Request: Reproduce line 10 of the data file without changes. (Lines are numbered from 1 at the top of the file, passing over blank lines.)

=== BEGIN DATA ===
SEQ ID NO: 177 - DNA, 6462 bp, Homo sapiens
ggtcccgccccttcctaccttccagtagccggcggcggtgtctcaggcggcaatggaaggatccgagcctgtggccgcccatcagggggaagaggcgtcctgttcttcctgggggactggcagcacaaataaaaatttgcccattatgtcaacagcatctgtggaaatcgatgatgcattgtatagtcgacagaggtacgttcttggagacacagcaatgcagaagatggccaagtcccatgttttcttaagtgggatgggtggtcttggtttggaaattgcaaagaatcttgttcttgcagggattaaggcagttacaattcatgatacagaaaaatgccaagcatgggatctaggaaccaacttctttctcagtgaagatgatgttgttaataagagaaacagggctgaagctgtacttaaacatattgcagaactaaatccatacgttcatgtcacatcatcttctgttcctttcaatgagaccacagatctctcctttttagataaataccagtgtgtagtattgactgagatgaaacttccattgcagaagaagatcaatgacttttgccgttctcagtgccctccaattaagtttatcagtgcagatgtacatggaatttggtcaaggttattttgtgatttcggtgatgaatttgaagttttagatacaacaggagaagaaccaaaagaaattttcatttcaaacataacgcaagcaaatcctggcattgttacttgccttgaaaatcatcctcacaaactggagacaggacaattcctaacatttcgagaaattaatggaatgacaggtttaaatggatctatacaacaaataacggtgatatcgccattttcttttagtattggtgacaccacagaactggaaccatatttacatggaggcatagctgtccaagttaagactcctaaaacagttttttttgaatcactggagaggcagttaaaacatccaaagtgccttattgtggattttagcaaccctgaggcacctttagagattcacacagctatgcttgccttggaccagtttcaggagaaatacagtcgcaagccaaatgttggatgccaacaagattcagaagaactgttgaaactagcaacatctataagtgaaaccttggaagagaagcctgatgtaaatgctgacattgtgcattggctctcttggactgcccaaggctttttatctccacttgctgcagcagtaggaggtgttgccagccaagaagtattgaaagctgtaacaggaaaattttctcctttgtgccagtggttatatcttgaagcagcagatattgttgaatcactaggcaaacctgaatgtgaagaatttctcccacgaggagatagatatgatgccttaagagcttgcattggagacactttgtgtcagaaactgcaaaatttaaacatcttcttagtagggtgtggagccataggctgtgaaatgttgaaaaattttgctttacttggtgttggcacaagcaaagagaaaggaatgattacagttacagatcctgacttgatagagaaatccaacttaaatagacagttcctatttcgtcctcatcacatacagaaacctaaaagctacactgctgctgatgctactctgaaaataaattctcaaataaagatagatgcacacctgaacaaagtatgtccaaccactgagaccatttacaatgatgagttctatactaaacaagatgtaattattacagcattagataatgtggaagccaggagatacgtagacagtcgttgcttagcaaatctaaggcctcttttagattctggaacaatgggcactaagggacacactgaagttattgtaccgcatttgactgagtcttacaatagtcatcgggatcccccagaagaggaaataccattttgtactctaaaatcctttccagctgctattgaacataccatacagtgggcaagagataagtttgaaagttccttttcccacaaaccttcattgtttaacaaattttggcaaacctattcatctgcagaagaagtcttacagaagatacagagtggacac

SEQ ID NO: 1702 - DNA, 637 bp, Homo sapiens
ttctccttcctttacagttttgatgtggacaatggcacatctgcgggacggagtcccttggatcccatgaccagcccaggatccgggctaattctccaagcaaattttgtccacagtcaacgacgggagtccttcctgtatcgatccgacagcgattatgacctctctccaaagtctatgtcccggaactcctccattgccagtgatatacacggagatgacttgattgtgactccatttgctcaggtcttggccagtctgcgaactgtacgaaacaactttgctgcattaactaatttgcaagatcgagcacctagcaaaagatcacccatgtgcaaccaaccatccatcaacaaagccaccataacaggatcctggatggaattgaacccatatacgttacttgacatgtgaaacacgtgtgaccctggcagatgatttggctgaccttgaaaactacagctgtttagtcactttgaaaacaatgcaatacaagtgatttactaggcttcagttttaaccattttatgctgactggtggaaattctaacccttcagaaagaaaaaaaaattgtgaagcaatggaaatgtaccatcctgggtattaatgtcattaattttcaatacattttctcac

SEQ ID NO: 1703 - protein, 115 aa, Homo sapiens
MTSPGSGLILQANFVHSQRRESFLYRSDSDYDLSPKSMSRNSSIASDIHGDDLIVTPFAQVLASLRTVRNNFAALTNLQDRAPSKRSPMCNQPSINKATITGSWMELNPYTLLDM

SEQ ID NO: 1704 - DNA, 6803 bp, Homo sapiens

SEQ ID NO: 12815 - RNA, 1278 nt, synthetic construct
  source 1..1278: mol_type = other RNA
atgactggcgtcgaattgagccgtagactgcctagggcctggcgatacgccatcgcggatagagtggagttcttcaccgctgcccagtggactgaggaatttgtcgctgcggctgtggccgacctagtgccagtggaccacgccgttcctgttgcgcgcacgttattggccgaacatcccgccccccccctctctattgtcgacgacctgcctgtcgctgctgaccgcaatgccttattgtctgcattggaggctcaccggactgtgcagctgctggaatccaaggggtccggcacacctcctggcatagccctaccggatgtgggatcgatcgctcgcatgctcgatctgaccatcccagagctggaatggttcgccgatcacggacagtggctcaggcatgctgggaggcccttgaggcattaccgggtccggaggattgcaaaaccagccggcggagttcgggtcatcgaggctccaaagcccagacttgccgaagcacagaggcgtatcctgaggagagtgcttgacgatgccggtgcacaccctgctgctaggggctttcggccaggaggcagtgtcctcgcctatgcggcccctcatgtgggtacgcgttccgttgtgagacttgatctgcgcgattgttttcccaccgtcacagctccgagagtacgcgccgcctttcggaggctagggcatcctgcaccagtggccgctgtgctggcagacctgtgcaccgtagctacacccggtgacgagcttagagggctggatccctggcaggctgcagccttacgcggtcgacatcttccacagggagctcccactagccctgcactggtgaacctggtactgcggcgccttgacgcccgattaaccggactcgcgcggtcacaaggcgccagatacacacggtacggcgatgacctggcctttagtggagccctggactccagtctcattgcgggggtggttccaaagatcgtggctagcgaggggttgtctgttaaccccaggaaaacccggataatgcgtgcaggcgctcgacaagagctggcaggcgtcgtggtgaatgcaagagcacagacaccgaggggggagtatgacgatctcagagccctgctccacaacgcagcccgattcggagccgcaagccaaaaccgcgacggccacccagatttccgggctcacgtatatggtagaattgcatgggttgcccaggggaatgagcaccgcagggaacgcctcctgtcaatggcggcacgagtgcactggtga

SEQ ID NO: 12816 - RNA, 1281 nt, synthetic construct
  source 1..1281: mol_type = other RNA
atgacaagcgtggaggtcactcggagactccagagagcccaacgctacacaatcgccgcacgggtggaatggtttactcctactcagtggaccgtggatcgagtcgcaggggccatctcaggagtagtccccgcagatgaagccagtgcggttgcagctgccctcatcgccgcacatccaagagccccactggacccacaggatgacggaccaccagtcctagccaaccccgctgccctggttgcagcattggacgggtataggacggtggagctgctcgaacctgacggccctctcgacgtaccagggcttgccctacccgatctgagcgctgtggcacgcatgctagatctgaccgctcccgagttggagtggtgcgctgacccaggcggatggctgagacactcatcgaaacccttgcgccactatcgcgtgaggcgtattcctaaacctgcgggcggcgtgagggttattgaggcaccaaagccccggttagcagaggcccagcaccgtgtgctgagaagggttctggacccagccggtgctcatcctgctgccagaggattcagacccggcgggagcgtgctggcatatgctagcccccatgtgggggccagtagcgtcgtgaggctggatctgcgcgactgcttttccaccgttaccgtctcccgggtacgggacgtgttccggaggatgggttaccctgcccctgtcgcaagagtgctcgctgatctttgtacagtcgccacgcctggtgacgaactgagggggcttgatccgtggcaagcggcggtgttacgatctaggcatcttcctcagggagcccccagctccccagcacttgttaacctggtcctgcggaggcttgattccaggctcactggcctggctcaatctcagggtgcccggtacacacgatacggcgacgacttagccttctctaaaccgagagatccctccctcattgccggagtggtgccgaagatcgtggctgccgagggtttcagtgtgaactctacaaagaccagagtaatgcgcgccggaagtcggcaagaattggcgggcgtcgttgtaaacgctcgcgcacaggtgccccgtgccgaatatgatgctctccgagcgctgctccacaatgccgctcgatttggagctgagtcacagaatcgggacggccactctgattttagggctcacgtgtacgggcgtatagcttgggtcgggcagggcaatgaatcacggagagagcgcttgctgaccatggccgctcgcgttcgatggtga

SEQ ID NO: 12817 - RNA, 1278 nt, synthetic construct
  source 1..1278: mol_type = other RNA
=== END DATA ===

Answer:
atgactggcgtcgaattgagccgtagactgcctagggcctggcgatacgccatcgcggatagagtggagttcttcaccgctgcccagtggactgaggaatttgtcgctgcggctgtggccgacctagtgccagtggaccacgccgttcctgttgcgcgcacgttattggccgaacatcccgccccccccctctctattgtcgacgacctgcctgtcgctgctgaccgcaatgccttattgtctgcattggaggctcaccggactgtgcagctgctggaatccaaggggtccggcacacctcctggcatagccctaccggatgtgggatcgatcgctcgcatgctcgatctgaccatcccagagctggaatggttcgccgatcacggacagtggctcaggcatgctgggaggcccttgaggcattaccgggtccggaggattgcaaaaccagccggcggagttcgggtcatcgaggctccaaagcccagacttgccgaagcacagaggcgtatcctgaggagagtgcttgacgatgccggtgcacaccctgctgctaggggctttcggccaggaggcagtgtcctcgcctatgcggcccctcatgtgggtacgcgttccgttgtgagacttgatctgcgcgattgttttcccaccgtcacagctccgagagtacgcgccgcctttcggaggctagggcatcctgcaccagtggccgctgtgctggcagacctgtgcaccgtagctacacccggtgacgagcttagagggctggatccctggcaggctgcagccttacgcggtcgacatcttccacagggagctcccactagccctgcactggtgaacctggtactgcggcgccttgacgcccgattaaccggactcgcgcggtcacaaggcgccagatacacacggtacggcgatgacctggcctttagtggagccctggactccagtctcattgcgggggtggttccaaagatcgtggctagcgaggggttgtctgttaaccccaggaaaacccggataatgcgtgcaggcgctcgacaagagctggcaggcgtcgtggtgaatgcaagagcacagacaccgaggggggagtatgacgatctcagagccctgctccacaacgcagcccgattcggagccgcaagccaaaaccgcgacggccacccagatttccgggctcacgtatatggtagaattgcatgggttgcccaggggaatgagcaccgcagggaacgcctcctgtcaatggcggcacgagtgcactggtga